War of the Worlds Director on the Significance of Emily’s Tattoo

Director Richard Clark on the discovery made in the War of the Worlds finale. Spoilers ahead…

War of the Worlds Emily
Photo: Fox UK

Warning: contains War of the Worlds finale spoilers.

As delved into in our explainer, the War of the Worlds finale left viewers on a cliff-hanger that raised several questions. Big, story-bending, ‘but then does that mean…?’ consequential questions. 

In episode eight, Emily (Daisy Edgar-Jones), the young Englishwoman whose eyesight had been lost to a genetic condition, had her vision restored thanks to her mysterious connection to the alien invaders. To discover more about that connection, Emily allowed the aliens to lead her into the heart of their ship where she discovered a creature plugged in to a series of ventilator tubes.

Den of Geek asked finale director Richard Clark (read the full interview here) what it was all about.

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What has Emily had discovered inside the ship?

What Emily hasn’t discovered is an alien in the form that we might have imagined. The creature, the alien, definitely has humanoid characteristics and also clearly has an identical tattoo to the one that Emily had tattooed on her in the opening of the first episode. 

There is clearly a definite significance to that, an importance that I think series one alludes to. Clearly Sacha (Mathieu Torloting) and Emily have a particular and unique and strange relationship with these aliens that they don’t understand, that they seem to share.

How did you go about casting Vikings and Game of Thrones actor Jonathan Gunning as the ‘alien’?

Not an easy one to do. It was important that he looked both humanoid and also ‘other’. We had a lot of discussions about how to strike that balance. In terms of our story, how far can you strain from that before that becomes something else? What will the audience and won’t they read given the context of what’s going on in the show? We had a lot of discussion about how to make sure that at the end the alien was read as humanoid. So casting was tied up in those discussions.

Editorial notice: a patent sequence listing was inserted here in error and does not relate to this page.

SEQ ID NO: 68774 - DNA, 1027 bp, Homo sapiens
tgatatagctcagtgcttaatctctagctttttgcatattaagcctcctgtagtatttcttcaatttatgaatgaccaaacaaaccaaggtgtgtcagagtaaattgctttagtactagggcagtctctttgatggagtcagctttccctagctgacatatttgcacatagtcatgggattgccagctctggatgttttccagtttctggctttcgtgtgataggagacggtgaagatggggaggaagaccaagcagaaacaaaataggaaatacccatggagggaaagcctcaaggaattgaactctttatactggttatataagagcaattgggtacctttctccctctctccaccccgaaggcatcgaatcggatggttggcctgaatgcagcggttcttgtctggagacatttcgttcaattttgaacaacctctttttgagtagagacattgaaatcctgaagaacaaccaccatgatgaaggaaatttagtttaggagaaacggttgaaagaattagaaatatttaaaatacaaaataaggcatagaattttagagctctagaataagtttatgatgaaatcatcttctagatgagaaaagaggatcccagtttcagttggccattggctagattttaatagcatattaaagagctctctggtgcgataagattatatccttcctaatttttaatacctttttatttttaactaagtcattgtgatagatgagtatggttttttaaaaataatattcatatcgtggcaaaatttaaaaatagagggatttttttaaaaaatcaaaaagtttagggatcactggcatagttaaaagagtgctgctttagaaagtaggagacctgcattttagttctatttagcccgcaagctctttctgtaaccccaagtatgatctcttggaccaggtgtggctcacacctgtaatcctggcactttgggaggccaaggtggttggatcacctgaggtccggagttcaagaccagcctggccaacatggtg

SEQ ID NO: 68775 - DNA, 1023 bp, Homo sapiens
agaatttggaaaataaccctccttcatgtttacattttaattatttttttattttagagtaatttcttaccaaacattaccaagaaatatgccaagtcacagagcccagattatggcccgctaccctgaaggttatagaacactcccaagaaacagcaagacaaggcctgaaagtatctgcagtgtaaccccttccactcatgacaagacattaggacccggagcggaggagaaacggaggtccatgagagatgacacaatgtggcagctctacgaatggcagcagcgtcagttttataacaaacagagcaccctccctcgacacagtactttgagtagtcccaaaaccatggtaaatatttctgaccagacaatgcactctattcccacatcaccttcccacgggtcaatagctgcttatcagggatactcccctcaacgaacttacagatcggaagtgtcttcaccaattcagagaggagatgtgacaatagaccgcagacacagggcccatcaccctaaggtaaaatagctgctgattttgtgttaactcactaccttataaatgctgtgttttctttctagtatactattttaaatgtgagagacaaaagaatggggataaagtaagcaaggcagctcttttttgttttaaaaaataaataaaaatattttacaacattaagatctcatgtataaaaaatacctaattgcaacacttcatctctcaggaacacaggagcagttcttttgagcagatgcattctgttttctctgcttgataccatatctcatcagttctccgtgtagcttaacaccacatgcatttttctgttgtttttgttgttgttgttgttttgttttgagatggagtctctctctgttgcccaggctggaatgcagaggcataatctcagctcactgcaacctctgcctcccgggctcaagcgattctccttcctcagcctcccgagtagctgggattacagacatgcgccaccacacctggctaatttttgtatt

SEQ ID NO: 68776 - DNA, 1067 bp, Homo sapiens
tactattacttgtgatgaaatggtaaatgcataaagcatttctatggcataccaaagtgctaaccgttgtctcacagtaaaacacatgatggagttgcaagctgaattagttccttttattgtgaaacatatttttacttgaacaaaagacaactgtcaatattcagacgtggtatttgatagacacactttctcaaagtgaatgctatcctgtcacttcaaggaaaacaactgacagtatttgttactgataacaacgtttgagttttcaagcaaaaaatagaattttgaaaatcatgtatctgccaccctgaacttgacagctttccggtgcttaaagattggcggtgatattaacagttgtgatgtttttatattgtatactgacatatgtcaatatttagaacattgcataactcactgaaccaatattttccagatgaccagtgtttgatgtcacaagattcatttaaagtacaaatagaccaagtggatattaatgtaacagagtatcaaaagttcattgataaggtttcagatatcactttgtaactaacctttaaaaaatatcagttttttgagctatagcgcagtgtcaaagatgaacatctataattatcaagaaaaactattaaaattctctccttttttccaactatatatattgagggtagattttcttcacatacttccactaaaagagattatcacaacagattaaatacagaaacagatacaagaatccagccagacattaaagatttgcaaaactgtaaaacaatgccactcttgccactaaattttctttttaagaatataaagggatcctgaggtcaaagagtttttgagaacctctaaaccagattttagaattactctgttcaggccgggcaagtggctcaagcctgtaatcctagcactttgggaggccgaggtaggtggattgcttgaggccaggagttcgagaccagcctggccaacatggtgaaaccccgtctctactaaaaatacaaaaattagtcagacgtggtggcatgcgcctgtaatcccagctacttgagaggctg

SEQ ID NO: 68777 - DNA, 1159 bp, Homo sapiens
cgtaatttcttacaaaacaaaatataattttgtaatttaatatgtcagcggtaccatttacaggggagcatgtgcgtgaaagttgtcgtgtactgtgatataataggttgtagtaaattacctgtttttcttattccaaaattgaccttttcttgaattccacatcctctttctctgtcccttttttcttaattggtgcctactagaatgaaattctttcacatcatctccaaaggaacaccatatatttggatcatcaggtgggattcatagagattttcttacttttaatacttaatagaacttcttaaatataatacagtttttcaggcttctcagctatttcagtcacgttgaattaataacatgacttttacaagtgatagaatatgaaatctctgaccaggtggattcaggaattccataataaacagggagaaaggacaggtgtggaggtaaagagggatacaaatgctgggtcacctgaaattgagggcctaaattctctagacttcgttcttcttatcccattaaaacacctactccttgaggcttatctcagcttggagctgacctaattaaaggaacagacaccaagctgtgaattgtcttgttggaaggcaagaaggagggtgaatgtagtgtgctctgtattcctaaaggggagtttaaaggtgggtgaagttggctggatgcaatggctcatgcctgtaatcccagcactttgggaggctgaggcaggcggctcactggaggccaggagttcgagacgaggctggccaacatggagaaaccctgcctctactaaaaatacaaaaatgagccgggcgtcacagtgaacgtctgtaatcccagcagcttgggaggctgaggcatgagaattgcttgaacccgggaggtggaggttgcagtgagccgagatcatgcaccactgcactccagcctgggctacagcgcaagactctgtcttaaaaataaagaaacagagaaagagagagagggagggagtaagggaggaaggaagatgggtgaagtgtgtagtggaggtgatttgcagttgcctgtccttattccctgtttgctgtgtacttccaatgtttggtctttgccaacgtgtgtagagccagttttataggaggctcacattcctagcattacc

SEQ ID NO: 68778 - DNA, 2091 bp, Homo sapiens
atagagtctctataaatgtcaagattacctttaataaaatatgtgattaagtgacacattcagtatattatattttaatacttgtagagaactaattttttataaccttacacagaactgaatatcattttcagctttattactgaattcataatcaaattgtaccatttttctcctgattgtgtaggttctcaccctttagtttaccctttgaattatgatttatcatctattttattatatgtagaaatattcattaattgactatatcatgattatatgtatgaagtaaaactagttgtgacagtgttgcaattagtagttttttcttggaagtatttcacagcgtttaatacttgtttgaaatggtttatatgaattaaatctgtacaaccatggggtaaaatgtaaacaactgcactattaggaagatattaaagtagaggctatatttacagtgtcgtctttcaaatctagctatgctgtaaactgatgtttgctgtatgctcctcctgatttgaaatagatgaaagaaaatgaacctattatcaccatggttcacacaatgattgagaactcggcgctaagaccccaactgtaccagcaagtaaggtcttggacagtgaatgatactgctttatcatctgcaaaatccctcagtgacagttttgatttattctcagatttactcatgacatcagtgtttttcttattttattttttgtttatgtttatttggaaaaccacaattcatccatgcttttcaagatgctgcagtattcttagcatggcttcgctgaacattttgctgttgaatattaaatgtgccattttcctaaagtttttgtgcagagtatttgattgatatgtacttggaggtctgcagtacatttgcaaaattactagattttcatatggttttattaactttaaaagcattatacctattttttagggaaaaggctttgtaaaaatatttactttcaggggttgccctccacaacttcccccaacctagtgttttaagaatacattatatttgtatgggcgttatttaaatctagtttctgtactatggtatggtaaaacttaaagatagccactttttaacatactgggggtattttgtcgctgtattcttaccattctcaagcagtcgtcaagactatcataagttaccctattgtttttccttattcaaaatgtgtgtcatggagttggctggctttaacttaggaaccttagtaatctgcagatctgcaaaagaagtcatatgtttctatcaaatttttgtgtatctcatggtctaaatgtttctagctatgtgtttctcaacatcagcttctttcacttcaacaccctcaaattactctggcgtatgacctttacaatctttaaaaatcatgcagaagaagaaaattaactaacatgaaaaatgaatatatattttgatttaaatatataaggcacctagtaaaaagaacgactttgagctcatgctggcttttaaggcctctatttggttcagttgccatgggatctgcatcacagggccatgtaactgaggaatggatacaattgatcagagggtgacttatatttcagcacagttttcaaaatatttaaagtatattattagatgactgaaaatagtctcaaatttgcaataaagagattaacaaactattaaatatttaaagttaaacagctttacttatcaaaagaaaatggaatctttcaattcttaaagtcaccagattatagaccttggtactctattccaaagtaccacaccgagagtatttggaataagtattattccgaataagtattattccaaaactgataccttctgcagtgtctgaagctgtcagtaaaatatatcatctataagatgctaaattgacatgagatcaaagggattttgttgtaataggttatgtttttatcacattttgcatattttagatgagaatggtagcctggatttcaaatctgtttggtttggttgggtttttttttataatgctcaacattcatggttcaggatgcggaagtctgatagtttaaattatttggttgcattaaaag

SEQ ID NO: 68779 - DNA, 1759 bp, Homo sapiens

I was particularly also drawn to his vulnerability. There’s a slight pitiful quality to him, I wanted it to echo the dogs in [episode] five, there was a sadness about him and a slight tragedy to him. 

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War of the Worlds series two has not yet been officially announced. How many series are being envisaged to tell this story?

Howard [Overman, creator] came up with this with a vision for an overarching story that as far as I’m aware has a limited number of series. Even as we shot episode one, I was aware of the overarching story and we discussed what that was and what information to reveal when. There’s definitely an overarching story. 

A second series is already being sketched out and plotted. Hopefully there’s enough enthusiasm to go to a second series. We’ll wait and see whether that happens!

Finally, can you promise that the incubator babies will all grow up to live long happy lives?

Of course they will! [Laughs] Of course. You’ve watched the show, what else would we possibly do with the babies?! What sort of show would do harm to small babies, eh?

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Exactly

Exactly! [Laughs]

The entire season of FOX’s War Of The Worlds will be available on Sky / NOW TV / Virgin Media and Talk Talk until 16th May.